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U.S.: 61,000 chickens euthanized after coronavirus kills demand

Christian Fernsby |
Far from shuttered storefronts forced to close to stem the spread of the novel coronavirus, livestock have been euthanized because of reduced demand and farmers have been thrown into economic uncertainty, according to a recent report.

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Topics: U.S.    CHICKENS   

At one farm in Albany, Minnesota, 61,000 chickens were killed in one fell swoop after a neighboring fluid egg plant that the farm was supplying abruptly shut down due to reduced demand, according to the Minnesota-based Star Tribune newspaper.

The farm is run by Kerry Mergen, an egg farmer who was under contract with Daybreak Foods.

Mergen said the company informed him his chickens might be killed early even though his contract called for him to produce eggs until the fall.

While demand for eggs from the food service industry and education facilities has cratered, demand for eggs from consumers has skyrocketed, actually leading to increased prices at grocery stores, according to the Star Tribune.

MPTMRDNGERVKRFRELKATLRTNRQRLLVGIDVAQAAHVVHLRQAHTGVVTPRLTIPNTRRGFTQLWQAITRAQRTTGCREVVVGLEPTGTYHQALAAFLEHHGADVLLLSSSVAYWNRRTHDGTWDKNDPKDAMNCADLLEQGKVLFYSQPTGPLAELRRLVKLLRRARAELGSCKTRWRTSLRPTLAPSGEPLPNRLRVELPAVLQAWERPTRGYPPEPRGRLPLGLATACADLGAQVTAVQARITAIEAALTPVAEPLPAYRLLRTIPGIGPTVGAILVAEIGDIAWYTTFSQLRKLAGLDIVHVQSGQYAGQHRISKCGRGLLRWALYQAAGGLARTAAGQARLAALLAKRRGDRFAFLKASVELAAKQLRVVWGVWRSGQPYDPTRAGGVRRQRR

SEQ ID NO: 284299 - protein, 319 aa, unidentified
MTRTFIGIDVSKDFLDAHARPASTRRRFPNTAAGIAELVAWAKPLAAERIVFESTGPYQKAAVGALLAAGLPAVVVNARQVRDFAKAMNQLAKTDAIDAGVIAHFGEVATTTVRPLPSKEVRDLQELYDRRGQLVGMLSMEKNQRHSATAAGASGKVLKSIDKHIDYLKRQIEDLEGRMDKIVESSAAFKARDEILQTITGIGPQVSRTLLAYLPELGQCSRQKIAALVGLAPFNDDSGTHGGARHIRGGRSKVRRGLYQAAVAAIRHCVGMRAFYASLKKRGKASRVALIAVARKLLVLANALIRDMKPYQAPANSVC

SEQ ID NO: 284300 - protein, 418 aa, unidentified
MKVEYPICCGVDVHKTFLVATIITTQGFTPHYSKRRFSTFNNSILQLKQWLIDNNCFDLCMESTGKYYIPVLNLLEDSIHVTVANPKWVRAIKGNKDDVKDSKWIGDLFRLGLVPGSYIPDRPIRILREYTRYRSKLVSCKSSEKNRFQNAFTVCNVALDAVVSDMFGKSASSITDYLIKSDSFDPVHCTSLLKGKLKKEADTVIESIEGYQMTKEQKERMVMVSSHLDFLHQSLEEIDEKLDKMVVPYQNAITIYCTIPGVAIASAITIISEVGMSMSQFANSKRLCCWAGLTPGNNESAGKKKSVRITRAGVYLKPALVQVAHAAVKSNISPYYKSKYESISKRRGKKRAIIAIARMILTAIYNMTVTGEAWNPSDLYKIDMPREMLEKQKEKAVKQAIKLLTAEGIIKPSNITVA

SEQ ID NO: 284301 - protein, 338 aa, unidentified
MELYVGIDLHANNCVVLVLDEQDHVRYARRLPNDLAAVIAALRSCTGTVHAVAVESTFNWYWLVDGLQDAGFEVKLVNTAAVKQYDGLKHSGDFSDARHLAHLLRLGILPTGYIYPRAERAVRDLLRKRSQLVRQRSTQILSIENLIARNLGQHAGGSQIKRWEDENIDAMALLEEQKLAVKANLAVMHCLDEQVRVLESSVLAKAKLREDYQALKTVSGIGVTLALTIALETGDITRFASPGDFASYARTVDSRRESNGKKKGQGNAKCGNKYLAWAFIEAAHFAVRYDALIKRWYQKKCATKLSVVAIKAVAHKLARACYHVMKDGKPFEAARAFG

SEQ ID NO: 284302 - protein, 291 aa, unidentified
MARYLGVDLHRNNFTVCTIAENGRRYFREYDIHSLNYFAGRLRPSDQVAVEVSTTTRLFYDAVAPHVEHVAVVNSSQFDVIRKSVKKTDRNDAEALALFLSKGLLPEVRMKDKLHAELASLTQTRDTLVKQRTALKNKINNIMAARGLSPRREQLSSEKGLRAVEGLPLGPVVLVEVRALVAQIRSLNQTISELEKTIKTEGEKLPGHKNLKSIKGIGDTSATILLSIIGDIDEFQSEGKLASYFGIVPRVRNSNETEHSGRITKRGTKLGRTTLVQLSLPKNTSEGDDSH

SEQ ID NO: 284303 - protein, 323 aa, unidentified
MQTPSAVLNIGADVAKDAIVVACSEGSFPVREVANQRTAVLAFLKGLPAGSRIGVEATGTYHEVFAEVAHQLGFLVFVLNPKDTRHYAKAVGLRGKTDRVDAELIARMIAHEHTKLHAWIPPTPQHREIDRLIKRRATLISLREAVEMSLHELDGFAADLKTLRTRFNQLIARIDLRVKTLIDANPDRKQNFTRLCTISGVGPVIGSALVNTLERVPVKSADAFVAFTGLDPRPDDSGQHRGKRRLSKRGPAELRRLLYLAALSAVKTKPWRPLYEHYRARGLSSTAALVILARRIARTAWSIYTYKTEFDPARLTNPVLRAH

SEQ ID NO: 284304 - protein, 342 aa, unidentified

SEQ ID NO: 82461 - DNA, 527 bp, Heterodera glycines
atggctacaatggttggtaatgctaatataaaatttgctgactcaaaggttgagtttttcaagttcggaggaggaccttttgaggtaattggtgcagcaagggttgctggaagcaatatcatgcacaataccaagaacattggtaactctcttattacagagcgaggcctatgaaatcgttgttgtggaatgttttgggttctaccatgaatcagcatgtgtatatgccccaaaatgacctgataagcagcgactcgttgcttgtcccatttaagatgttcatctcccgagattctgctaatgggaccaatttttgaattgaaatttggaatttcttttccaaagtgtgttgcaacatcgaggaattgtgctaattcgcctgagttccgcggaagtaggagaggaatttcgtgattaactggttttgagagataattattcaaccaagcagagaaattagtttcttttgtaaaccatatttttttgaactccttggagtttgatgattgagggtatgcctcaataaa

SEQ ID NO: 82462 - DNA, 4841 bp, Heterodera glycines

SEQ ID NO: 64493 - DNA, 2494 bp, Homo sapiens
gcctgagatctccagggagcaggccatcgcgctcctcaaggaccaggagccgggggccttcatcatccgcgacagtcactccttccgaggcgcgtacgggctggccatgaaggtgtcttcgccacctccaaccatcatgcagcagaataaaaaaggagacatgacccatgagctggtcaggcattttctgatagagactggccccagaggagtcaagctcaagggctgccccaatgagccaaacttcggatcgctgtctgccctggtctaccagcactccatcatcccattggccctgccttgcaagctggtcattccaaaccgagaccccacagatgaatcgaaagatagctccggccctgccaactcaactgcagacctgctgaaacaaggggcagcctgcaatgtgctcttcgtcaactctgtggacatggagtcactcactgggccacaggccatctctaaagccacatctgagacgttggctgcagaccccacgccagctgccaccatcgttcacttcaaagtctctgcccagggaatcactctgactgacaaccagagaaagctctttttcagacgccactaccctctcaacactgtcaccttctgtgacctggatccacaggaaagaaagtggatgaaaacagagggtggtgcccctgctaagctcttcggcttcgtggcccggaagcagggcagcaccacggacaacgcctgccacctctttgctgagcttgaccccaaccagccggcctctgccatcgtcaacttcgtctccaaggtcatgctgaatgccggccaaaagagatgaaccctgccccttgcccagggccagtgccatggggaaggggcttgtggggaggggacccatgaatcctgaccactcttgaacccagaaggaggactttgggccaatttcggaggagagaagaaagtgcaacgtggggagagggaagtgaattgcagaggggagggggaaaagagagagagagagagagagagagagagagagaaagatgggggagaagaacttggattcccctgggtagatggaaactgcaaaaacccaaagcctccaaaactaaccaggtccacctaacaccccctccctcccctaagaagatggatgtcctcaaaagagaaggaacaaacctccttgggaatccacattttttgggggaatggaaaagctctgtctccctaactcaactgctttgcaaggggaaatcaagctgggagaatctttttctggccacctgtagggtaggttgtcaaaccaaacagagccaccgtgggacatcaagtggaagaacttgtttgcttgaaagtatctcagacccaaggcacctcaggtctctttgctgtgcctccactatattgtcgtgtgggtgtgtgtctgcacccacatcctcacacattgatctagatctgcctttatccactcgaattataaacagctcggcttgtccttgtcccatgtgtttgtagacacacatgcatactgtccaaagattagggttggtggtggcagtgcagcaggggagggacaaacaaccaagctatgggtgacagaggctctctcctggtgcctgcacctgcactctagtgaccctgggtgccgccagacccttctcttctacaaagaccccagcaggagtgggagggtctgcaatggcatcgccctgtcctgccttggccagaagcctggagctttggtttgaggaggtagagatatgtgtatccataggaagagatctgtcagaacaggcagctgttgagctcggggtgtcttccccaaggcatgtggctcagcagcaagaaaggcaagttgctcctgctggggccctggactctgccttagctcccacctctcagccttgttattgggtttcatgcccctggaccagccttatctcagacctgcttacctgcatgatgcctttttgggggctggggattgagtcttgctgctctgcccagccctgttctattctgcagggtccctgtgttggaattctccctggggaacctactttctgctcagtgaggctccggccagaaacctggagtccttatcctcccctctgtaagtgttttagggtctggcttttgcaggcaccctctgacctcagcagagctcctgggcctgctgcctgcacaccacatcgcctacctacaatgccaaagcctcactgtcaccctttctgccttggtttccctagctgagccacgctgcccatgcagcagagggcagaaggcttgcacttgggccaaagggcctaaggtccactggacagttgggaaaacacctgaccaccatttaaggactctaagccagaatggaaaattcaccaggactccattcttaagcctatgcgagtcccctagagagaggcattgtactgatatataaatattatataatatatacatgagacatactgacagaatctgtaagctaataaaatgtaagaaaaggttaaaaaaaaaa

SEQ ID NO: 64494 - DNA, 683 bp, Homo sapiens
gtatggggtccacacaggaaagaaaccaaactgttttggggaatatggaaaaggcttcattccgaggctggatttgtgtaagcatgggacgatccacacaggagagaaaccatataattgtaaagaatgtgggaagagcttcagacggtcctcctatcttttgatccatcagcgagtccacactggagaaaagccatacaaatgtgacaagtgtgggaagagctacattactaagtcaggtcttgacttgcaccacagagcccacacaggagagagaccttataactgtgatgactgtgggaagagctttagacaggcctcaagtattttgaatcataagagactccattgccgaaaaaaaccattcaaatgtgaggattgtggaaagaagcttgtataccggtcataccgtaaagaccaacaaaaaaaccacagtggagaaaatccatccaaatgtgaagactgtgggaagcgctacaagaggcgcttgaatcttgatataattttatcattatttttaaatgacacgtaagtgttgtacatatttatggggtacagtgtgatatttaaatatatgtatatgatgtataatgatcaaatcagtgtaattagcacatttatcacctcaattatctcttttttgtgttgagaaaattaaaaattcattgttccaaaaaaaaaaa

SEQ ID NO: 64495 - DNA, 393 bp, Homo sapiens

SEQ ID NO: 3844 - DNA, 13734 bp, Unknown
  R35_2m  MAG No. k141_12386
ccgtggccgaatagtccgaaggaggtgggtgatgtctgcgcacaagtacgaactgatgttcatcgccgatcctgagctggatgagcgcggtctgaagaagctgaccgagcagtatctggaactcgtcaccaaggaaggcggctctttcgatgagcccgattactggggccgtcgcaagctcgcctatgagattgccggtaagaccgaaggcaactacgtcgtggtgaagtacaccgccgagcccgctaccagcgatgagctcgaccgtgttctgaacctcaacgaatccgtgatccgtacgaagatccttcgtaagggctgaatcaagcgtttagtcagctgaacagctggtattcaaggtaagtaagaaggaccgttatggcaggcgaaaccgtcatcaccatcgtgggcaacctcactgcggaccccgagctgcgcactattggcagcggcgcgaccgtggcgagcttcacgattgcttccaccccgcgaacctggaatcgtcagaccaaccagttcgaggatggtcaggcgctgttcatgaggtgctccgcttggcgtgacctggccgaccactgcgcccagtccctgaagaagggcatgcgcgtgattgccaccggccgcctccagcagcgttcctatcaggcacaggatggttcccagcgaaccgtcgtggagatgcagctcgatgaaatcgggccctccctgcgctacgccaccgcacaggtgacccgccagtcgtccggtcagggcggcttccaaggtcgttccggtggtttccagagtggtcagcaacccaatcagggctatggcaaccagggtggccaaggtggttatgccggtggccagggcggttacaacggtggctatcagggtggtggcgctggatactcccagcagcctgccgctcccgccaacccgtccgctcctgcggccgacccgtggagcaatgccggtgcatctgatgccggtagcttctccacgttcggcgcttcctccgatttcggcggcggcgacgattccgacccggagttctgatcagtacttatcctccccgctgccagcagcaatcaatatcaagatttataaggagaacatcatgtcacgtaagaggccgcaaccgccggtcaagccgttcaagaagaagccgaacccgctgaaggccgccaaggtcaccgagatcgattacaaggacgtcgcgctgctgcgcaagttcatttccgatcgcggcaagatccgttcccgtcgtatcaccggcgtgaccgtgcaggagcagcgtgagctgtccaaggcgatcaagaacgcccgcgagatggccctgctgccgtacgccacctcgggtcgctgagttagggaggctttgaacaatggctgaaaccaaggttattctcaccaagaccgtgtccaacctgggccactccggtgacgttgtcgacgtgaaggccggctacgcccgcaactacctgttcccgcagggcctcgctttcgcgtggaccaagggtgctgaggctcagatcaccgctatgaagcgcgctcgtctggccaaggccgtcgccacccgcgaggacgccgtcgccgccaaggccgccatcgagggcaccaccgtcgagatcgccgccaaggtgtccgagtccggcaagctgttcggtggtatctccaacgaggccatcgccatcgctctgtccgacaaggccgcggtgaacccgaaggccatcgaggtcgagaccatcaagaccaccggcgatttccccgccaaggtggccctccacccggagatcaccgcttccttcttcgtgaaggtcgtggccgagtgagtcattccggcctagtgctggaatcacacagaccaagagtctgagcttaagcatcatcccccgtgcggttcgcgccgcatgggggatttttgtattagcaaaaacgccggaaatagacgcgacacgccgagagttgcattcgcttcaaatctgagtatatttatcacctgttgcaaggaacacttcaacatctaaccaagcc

That could be due, in part, to the fact that much of the U.S.'s egg production system is dedicated to making fluid eggs, not the cartoned whole eggs purchased by consumers at markets across the country.

Mergen told the newspaper his was the smallest of five egg farms where chickens have been euthanized en masse in recent weeks, but the Star Tribune could not independently verify the claim.

He said a crew of 15 workers arrived at his farm early one morning with carbon dioxide to kill his birds, and were finished by the evening, hauling the carcasses to a facility where they would be processed into dog food.

“It’s a very challenging time. It’s very stressful on farmers,” Kevin Stiles of the Chicken & Egg Association of Minnesota, told the newspaper.

Mergen’s wife, Barb, said when the company abruptly came in and killed their flock "that was our paycheck euthanized."

“They didn’t confide in us, they didn’t ask us, they didn’t care about what effect this would have on us,” she told the newspaper. “Our contract says at least a seven-day written notice. That’s not much, but it’s more than this. We just feel like we’re a nobody at the end.”


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